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Garage Workshop Lighting Plug-in Cord Wiring Update

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I recently posted about my garage workshop lighting project, which is tricky because it involves converting hard-wire ceiling lights to plug-in lights.

I’d like to do things properly and asked for feedback.

A couple of people provided some much-appreciated suggestions, and I analyzed other areas of improvement.

First Suggestion: Upgrade to a Matching-Sized Power Cord

One reader suggested I move from 16 AWG cord to 12 AWG, to match the in-ceiling wiring. If I were to daisy-chain any of the light fixtures together, I would need 12 AWG THHN wires in conduit.

I’m not convinced this was necessary, but it wouldn’t have cost that much more than going with 14 AWG. I can find other uses for the cords I initially purchased for this project.

The reader (thank you Joe!) seems well-versed in code regulations and guidelines, and I couldn’t see any downsides aside from dealing with thicker conductors during installation.

I ordered 60 feet of SJEOOW cord, which I could cut to size to reduce waste.

Second Suggestion: Right Angle Plugs

LED Light Fixture Ceiling Install with Short Plug-in Cord

Several readers suggested that I go with cords with molded right angle plugs, or right angle adapters, and Jim Felt (thank you!) sent me some links to attachable cord ends. Basically with right angle plugs you can build your own cord the way you want them.

I initially couldn’t find suited cords to use, but there are a number of screw-on cord ends available.

I went with hospital-grade 15A plugs, similar to this one via Leviton on Amazon. I actually used the Bryant brand (available on Amazon), for ~$6.60 each through a different supplier.

I didn’t need hospital-grade, but the price was right. The hospital-grade should also provide for a more confident ceiling connection.

LED Light Fixture Ceilings with Hanging Cords

While my other installed lights aren’t trimmed to their final size yet, it’s going to make a world of difference. ANY straight plug is still going to project a couple of inches off the ceiling. The right angle plug is going to allow for much shorter cords and neater appearances.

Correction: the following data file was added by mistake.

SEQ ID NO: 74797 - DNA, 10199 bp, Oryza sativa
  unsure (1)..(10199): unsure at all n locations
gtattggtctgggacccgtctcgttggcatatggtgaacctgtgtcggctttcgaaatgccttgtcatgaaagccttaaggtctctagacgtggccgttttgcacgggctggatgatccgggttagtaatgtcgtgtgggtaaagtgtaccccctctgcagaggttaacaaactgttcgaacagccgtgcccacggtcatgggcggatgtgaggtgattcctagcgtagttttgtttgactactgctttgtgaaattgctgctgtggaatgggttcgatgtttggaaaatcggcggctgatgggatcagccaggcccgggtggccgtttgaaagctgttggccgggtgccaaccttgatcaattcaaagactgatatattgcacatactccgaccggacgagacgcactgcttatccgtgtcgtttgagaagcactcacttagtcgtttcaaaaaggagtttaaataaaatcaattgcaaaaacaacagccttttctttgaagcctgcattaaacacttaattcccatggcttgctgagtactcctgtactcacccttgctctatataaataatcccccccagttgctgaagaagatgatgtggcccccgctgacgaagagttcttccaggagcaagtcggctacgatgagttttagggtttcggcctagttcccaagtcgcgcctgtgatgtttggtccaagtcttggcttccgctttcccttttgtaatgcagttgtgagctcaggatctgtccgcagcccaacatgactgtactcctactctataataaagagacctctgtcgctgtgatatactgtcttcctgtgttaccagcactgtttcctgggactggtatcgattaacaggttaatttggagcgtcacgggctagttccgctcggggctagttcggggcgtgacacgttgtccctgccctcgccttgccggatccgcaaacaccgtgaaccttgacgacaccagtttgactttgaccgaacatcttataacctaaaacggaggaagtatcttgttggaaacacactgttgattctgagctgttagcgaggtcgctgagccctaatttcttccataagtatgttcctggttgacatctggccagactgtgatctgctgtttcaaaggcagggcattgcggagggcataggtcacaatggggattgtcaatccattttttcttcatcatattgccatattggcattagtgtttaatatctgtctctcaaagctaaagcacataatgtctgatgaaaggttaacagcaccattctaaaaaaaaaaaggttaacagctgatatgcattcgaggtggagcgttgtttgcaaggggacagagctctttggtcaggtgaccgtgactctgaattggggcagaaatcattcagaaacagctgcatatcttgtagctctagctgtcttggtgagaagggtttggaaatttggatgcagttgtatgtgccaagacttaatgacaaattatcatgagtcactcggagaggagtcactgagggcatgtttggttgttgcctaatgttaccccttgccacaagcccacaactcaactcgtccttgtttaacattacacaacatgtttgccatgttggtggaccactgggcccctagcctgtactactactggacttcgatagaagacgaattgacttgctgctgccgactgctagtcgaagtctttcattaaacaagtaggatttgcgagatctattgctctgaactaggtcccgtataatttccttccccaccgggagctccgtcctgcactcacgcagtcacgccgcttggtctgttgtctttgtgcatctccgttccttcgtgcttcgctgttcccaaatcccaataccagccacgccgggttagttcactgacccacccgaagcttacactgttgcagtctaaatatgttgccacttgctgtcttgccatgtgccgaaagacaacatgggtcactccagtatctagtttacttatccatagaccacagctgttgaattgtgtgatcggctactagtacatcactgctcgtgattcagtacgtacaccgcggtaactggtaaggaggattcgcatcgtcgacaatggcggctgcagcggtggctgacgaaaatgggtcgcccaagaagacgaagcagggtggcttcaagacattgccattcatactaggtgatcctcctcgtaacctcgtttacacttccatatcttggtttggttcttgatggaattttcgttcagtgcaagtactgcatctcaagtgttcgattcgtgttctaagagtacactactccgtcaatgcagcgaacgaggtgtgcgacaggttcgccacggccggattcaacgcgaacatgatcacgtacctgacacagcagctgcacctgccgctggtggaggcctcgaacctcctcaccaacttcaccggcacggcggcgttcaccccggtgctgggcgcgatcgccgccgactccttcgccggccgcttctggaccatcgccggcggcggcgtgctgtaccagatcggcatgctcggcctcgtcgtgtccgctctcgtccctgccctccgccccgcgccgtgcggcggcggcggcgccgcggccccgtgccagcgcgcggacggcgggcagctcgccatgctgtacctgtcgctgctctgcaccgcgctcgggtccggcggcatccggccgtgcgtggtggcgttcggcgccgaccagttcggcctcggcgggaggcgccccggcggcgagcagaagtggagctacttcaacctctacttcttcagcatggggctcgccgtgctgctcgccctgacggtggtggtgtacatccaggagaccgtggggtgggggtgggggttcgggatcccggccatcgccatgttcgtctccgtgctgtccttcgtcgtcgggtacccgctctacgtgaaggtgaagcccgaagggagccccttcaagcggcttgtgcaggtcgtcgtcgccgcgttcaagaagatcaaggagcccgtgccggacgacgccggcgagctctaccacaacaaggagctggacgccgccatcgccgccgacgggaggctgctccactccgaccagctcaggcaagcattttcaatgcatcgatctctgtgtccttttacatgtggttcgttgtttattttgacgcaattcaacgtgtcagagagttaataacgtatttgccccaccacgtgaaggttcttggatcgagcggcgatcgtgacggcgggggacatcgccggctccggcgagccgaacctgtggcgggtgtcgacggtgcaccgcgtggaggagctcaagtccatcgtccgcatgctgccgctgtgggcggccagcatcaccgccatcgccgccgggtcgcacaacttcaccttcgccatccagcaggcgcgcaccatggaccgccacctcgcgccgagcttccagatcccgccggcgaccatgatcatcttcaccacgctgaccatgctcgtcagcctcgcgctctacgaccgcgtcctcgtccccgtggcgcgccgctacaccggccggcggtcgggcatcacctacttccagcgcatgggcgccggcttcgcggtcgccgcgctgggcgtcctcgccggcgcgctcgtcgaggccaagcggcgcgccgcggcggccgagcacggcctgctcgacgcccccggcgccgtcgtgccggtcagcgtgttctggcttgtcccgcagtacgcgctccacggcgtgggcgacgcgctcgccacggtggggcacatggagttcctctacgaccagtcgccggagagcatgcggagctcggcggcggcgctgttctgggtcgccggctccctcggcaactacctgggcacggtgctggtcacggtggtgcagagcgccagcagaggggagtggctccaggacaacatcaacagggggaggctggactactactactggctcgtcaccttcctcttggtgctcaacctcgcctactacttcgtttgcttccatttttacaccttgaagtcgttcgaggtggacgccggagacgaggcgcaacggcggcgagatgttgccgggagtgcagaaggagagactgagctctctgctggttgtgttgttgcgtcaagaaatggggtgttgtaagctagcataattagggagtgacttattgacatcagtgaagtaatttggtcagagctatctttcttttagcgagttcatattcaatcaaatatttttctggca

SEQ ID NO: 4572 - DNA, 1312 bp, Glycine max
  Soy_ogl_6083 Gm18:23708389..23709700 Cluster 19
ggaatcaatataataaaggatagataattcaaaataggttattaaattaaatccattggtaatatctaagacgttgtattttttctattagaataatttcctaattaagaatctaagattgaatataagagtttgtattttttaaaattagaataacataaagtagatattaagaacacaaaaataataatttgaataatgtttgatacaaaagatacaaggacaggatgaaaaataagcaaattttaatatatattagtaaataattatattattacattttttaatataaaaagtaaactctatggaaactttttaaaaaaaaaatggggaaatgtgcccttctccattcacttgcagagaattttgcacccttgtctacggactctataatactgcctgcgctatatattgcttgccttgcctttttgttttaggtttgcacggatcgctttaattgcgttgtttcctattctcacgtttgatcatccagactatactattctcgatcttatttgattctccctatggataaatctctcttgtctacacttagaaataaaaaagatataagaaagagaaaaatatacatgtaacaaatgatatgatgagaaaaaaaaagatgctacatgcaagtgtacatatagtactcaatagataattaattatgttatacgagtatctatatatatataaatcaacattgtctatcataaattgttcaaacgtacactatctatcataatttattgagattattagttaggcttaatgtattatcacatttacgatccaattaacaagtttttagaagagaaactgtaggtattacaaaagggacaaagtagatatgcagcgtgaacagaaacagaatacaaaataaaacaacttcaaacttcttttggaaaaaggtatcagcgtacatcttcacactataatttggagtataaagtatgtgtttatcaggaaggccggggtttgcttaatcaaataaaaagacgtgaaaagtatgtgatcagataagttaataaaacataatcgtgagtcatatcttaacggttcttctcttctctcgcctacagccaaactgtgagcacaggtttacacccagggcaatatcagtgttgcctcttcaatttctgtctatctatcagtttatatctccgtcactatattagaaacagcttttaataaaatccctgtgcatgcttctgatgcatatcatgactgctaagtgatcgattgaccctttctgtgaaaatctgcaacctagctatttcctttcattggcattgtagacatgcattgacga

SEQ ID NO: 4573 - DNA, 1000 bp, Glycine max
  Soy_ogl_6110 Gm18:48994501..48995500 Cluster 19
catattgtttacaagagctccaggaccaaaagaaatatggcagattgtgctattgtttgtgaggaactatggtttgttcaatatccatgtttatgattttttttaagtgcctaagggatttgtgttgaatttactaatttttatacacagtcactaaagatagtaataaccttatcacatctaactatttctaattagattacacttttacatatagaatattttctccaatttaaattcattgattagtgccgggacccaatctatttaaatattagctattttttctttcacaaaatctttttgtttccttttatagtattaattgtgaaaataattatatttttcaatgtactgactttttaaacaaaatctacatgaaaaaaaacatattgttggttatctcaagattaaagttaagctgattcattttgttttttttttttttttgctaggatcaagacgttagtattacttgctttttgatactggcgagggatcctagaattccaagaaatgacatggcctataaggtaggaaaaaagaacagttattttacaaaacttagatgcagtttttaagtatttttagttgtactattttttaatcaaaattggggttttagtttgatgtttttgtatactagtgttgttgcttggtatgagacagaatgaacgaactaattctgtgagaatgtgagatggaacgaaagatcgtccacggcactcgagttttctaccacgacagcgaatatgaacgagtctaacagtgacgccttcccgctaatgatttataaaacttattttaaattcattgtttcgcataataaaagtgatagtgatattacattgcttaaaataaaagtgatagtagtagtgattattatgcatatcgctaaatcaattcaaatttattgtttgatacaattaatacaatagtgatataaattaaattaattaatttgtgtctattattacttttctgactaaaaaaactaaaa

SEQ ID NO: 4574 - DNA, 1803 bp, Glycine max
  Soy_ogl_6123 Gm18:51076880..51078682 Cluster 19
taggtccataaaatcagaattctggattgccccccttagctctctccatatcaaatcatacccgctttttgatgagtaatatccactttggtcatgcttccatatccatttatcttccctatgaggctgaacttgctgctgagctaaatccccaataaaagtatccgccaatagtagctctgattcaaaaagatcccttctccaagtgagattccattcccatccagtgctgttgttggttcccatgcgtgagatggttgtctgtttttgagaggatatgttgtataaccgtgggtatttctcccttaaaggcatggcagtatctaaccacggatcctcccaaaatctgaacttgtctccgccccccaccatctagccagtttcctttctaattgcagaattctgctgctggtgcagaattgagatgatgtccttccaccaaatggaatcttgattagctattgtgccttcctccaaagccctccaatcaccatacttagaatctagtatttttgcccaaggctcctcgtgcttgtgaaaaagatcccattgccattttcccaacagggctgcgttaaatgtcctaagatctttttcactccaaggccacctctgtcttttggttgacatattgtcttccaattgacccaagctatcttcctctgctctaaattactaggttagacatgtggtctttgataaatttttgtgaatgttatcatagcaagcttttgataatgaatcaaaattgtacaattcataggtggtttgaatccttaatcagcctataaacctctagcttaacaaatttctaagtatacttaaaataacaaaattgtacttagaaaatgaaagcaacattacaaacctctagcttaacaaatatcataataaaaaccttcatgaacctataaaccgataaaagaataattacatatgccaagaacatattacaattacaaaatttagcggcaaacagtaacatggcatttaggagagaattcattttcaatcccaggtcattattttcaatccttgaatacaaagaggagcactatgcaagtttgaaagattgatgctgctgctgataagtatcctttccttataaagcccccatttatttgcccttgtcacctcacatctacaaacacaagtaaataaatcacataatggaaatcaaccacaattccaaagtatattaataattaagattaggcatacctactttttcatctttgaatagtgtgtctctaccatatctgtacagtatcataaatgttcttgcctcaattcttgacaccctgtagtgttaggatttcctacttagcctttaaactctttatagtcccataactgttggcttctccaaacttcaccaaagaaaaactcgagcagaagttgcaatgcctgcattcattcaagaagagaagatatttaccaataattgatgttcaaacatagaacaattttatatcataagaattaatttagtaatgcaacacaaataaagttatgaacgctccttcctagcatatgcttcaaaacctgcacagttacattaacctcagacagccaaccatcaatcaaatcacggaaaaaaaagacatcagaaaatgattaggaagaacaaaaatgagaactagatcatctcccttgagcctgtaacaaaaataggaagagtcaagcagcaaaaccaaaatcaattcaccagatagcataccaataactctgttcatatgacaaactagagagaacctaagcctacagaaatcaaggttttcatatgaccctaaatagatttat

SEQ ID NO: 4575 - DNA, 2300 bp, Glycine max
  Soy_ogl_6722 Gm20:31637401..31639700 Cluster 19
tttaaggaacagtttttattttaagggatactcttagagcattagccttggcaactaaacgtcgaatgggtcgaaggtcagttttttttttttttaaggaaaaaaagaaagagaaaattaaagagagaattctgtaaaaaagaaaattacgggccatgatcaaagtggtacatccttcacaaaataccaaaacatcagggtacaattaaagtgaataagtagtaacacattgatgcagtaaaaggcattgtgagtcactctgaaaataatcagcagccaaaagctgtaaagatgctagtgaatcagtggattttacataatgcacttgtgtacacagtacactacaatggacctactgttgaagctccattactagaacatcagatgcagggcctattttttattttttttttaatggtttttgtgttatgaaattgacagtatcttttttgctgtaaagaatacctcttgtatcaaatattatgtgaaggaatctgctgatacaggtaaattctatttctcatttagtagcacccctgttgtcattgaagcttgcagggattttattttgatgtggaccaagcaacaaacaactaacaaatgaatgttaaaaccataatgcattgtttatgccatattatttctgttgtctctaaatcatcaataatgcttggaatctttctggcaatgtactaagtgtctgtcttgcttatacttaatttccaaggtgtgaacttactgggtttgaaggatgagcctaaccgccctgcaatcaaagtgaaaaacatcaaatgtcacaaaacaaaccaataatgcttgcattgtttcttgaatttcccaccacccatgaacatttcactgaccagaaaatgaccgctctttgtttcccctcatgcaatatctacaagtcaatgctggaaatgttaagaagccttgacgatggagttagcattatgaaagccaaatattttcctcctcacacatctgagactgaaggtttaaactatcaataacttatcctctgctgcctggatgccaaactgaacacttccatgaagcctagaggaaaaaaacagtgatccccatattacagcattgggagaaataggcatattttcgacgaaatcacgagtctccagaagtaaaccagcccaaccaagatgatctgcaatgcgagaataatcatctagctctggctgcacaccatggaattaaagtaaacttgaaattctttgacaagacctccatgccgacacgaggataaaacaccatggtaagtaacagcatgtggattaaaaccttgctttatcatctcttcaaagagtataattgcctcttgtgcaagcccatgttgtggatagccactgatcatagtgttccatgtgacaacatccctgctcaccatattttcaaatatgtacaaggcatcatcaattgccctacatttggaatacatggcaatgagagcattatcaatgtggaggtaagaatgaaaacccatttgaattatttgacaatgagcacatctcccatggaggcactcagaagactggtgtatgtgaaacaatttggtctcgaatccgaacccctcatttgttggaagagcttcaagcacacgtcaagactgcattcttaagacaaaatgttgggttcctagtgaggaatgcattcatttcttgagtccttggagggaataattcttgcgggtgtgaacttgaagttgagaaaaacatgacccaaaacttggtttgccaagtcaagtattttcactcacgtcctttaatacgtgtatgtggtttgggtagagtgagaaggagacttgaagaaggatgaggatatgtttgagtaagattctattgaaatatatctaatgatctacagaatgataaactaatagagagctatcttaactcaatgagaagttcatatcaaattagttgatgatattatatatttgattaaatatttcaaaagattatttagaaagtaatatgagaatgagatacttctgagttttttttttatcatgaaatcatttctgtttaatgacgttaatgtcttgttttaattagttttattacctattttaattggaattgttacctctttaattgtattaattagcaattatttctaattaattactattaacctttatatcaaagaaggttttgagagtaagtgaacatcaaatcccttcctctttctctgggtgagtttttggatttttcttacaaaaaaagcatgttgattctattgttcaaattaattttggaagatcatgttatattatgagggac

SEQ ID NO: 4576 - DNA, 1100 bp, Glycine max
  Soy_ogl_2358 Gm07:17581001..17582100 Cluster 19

The first one here was my test install, which is why the cord is so long, and the one at the back of the photo was going to be routed neatly alongside the light.

LED Light Fixture with Right Angle Plug on Ceiling

One of the benefits of these right angle plugs is that its angle can be adjusted during assembly so that you can approach an outlet from any direction.

There are two disadvantages of these plugs. First, they’re a bit harder to use. You cannot cross the wires, which required careful positioning of things, and everything is a bit stiff despite the stranded wire.

Second, the transparent housing triggers my perfectionism. I trimmed the jacket to exact length, I stripped the wires to exact length, and I trimmed the wires depending on how far away they are 1from the opening. The insulation perfectly reached the conductor slot when tightening things down, but when bending the cable they created a small gap. I know I did things properly, but that little gap nags at me. If my other plugs turn out better I might redo this one.

I used a torque screwdriver to achieve the 12 in-lbs or 1.4 Nm torque as indicated by the instructions. (I already had this tool available.) What surprised me is that this required a little more tightening than I would have expected.

As an aside, I had checked my 220V outlet with the breaker turned off, to see what kind of wiring was used, as part of a separate project, and found that the ground and one of the hot screws were loose. That was a professional installation, I wonder what happened.

Problems and Solutions

I’ll be wiring the remaining lights with the 12 AWG cord and right angle plugs and will then re-do the 3 I did with 16 AWG cords.